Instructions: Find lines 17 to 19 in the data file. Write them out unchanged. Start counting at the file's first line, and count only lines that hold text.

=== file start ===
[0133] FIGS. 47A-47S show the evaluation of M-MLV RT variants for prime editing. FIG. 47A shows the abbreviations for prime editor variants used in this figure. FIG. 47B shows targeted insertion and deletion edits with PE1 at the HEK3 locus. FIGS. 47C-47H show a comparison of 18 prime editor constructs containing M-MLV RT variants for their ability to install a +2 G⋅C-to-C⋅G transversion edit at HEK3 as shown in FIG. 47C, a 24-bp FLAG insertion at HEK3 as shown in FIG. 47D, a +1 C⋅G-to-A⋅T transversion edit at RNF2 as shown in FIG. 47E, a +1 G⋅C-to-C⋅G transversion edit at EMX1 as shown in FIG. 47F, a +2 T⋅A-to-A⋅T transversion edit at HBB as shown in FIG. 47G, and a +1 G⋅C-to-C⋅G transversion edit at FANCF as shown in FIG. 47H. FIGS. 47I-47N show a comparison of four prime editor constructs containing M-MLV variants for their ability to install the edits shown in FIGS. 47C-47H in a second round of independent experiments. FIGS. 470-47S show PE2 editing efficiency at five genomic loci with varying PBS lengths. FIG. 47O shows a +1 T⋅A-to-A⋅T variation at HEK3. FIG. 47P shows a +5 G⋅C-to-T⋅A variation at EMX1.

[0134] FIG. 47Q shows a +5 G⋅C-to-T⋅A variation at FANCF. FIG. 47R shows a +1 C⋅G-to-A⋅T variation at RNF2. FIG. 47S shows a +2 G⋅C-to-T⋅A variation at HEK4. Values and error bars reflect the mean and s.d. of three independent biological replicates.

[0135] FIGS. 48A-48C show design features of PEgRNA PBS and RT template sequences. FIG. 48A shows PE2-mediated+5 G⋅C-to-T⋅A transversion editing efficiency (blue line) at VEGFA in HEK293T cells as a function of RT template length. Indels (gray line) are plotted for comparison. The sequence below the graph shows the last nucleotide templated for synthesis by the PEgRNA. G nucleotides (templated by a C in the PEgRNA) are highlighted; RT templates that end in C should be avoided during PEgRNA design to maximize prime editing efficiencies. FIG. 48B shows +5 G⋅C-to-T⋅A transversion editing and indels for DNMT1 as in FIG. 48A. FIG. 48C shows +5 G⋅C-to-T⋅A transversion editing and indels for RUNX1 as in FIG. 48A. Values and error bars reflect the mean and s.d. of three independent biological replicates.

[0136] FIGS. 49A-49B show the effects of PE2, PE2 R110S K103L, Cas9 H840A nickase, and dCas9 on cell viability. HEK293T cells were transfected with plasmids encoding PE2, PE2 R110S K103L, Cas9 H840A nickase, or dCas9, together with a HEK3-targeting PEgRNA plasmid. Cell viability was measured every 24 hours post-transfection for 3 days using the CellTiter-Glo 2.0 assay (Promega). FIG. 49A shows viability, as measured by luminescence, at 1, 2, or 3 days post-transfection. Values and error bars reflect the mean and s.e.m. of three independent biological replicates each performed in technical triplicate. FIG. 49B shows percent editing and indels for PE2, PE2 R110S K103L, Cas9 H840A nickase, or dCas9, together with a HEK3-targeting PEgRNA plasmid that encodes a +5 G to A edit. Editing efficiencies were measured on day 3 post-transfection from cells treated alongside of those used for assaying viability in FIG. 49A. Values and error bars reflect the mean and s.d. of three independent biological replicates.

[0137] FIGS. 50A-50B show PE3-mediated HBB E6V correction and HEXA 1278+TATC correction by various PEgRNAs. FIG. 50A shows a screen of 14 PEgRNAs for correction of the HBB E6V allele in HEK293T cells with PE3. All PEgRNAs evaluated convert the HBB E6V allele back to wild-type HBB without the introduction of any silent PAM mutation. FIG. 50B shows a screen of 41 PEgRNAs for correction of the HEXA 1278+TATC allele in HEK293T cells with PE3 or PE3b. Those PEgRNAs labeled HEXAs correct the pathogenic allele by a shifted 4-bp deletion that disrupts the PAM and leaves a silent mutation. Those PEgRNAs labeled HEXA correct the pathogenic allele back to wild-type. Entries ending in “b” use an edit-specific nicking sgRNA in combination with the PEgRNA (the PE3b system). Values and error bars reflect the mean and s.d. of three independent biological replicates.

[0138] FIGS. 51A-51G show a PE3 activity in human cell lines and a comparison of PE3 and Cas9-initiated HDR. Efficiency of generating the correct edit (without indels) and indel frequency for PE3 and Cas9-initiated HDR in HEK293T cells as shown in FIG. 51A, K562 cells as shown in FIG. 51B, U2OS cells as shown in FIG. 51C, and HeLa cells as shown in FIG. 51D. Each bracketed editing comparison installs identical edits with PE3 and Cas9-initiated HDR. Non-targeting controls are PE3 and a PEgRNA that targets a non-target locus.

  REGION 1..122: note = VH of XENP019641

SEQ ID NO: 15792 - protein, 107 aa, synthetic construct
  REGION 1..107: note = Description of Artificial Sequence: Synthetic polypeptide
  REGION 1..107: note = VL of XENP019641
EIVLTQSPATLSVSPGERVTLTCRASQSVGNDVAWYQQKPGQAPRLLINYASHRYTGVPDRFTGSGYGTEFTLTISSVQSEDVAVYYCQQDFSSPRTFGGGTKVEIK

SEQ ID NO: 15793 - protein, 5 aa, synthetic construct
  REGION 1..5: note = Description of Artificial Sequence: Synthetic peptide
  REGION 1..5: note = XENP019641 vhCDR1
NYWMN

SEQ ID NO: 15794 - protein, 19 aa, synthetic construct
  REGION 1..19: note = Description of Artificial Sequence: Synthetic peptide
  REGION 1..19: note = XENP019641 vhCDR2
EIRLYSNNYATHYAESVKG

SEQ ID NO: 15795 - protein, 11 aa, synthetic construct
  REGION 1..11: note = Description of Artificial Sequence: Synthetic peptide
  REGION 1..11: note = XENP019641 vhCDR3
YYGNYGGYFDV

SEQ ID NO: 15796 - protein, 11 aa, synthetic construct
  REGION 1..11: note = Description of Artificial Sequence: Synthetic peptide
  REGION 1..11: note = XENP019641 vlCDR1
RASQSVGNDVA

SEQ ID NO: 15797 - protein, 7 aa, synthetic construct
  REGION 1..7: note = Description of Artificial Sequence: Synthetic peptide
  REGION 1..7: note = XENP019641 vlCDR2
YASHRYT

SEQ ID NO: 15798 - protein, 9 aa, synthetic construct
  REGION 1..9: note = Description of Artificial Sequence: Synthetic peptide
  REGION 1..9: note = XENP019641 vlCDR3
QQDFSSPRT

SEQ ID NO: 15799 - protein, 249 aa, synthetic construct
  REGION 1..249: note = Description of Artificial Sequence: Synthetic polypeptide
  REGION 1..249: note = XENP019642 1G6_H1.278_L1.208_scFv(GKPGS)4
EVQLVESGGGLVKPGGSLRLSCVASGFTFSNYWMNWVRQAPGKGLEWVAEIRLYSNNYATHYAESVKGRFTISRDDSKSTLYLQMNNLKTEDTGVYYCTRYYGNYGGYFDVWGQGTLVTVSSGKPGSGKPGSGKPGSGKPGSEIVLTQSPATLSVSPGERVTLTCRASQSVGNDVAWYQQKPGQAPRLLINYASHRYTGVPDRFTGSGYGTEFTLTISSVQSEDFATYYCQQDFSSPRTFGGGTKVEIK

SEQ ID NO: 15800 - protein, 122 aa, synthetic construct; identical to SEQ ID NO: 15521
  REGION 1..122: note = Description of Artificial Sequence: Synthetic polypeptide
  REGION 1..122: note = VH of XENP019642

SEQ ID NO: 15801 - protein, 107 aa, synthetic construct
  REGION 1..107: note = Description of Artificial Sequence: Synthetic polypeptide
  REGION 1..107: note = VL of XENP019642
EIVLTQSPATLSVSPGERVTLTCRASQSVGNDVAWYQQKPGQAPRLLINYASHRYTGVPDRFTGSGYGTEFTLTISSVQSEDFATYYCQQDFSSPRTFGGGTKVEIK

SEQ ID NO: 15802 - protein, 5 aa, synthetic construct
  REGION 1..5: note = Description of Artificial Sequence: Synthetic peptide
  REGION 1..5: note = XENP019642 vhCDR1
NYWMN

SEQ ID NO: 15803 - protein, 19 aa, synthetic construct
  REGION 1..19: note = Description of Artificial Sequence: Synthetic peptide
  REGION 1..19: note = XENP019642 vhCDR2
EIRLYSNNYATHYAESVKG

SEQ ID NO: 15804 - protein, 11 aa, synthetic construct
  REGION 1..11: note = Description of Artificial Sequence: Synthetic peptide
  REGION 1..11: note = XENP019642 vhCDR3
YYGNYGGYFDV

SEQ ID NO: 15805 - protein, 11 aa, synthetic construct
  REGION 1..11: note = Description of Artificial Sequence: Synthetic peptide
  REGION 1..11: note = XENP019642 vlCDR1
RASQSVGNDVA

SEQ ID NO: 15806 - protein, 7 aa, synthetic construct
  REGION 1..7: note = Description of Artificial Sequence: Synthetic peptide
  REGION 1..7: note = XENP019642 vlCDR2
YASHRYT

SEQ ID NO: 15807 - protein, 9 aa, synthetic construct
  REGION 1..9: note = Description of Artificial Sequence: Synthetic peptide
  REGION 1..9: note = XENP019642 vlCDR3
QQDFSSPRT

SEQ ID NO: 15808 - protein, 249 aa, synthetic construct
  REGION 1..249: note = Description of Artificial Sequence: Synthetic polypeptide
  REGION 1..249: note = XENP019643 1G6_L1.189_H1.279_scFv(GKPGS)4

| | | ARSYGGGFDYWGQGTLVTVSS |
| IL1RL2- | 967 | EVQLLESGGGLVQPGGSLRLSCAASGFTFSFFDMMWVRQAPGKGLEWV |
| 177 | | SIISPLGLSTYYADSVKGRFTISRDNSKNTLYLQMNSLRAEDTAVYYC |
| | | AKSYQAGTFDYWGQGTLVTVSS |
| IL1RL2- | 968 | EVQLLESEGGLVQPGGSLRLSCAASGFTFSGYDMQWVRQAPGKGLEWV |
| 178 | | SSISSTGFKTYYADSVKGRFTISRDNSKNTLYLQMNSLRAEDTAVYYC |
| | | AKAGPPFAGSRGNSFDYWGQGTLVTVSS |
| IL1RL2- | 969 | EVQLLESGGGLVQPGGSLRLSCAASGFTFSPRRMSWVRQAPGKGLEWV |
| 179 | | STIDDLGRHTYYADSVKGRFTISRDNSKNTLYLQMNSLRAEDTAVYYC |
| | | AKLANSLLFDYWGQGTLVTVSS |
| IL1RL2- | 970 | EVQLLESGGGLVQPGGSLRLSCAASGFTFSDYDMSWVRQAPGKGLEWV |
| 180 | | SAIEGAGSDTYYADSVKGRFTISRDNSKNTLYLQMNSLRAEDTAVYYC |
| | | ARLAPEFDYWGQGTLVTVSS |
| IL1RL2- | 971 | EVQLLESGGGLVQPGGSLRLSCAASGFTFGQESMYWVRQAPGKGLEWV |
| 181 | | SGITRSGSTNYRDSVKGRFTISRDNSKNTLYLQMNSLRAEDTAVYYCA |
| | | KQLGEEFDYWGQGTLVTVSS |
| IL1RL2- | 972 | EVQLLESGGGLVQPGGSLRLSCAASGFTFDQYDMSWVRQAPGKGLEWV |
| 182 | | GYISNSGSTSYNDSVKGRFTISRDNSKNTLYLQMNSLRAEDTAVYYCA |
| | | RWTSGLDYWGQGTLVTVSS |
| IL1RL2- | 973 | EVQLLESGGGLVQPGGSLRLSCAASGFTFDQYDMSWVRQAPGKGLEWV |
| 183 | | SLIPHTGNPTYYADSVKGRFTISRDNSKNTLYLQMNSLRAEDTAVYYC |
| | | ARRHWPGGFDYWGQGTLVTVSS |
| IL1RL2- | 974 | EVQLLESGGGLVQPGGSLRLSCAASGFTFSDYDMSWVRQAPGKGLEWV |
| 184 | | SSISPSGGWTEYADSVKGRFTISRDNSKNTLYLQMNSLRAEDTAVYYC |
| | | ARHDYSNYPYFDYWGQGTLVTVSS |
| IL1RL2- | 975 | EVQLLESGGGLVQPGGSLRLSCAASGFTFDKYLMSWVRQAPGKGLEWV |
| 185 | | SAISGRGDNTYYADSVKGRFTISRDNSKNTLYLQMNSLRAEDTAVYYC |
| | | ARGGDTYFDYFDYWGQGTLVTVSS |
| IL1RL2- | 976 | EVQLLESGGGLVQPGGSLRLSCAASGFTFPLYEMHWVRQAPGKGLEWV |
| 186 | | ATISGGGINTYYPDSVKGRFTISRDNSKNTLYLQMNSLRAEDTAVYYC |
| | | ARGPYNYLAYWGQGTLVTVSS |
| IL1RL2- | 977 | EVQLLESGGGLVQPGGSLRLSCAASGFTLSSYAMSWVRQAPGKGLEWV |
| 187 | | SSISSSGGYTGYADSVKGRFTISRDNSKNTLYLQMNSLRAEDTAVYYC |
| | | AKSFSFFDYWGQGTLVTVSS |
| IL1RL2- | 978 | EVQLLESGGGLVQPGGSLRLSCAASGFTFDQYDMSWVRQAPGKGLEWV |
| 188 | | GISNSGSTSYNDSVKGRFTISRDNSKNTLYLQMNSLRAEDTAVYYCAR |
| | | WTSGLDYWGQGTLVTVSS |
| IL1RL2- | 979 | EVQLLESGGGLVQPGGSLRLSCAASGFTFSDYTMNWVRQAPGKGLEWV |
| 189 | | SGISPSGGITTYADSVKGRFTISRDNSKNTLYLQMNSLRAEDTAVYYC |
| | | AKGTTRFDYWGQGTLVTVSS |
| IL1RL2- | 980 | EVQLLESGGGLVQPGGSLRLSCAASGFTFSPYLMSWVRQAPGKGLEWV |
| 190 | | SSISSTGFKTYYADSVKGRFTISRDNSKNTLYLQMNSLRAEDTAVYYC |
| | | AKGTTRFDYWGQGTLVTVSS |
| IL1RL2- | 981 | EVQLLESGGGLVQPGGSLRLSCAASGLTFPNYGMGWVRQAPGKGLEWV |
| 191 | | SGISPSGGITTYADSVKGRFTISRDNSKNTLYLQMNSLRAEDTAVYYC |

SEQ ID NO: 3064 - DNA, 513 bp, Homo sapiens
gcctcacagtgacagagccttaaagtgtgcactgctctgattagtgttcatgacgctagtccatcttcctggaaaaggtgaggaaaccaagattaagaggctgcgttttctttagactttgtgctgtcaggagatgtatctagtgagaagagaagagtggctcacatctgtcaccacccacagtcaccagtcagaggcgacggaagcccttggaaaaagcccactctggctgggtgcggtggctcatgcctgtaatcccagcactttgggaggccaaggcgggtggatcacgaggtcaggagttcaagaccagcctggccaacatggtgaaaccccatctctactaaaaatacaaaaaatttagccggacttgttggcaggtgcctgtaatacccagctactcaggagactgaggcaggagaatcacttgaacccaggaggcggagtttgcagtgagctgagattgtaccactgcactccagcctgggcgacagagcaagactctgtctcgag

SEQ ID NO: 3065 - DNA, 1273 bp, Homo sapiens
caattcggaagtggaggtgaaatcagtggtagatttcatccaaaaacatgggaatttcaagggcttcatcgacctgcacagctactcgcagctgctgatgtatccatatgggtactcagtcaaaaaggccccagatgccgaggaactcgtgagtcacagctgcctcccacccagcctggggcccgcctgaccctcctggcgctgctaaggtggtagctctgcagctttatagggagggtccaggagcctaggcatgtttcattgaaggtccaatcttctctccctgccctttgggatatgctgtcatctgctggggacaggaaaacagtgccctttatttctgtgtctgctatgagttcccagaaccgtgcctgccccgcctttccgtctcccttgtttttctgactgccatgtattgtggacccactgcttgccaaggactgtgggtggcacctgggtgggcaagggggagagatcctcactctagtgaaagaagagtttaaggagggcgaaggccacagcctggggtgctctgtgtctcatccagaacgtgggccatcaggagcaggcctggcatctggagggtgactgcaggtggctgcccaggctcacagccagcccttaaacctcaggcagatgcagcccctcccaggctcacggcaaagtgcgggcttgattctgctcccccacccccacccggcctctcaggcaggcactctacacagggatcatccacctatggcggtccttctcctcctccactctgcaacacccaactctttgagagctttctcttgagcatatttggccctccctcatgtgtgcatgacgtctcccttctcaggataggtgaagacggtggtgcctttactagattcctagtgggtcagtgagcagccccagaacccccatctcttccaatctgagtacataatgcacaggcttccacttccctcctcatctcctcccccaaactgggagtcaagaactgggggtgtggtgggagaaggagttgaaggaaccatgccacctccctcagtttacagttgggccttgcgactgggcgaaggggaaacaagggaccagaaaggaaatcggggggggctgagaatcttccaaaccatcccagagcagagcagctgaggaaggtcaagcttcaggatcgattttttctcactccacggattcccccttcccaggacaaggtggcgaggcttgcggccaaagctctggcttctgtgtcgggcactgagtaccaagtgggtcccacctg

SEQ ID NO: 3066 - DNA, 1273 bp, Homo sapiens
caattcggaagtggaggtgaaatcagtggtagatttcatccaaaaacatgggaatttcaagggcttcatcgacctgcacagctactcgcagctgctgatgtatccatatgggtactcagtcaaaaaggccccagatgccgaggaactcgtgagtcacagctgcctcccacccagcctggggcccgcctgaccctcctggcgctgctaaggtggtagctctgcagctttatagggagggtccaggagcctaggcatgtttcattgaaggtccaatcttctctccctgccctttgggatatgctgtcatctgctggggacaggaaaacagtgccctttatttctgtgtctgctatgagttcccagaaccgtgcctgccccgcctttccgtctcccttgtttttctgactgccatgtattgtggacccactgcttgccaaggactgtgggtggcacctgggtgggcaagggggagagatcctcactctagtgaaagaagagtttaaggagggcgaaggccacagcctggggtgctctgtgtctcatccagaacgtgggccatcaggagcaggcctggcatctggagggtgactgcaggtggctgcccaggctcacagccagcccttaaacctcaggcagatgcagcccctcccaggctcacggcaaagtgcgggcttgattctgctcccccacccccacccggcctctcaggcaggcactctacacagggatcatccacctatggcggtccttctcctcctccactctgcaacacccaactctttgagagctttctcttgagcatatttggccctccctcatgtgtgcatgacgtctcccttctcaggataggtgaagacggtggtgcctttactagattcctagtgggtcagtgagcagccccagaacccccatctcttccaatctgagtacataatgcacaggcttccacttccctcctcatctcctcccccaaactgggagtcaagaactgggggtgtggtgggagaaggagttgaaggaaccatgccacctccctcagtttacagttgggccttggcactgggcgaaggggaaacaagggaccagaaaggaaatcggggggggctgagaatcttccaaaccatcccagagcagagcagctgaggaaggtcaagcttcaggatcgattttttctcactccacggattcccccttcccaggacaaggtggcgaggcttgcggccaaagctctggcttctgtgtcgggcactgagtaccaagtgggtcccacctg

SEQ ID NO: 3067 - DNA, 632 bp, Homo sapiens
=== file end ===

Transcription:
  REGION 1..19: note = Description of Artificial Sequence: Synthetic peptide
  REGION 1..19: note = XENP019641 vhCDR2
EIRLYSNNYATHYAESVKG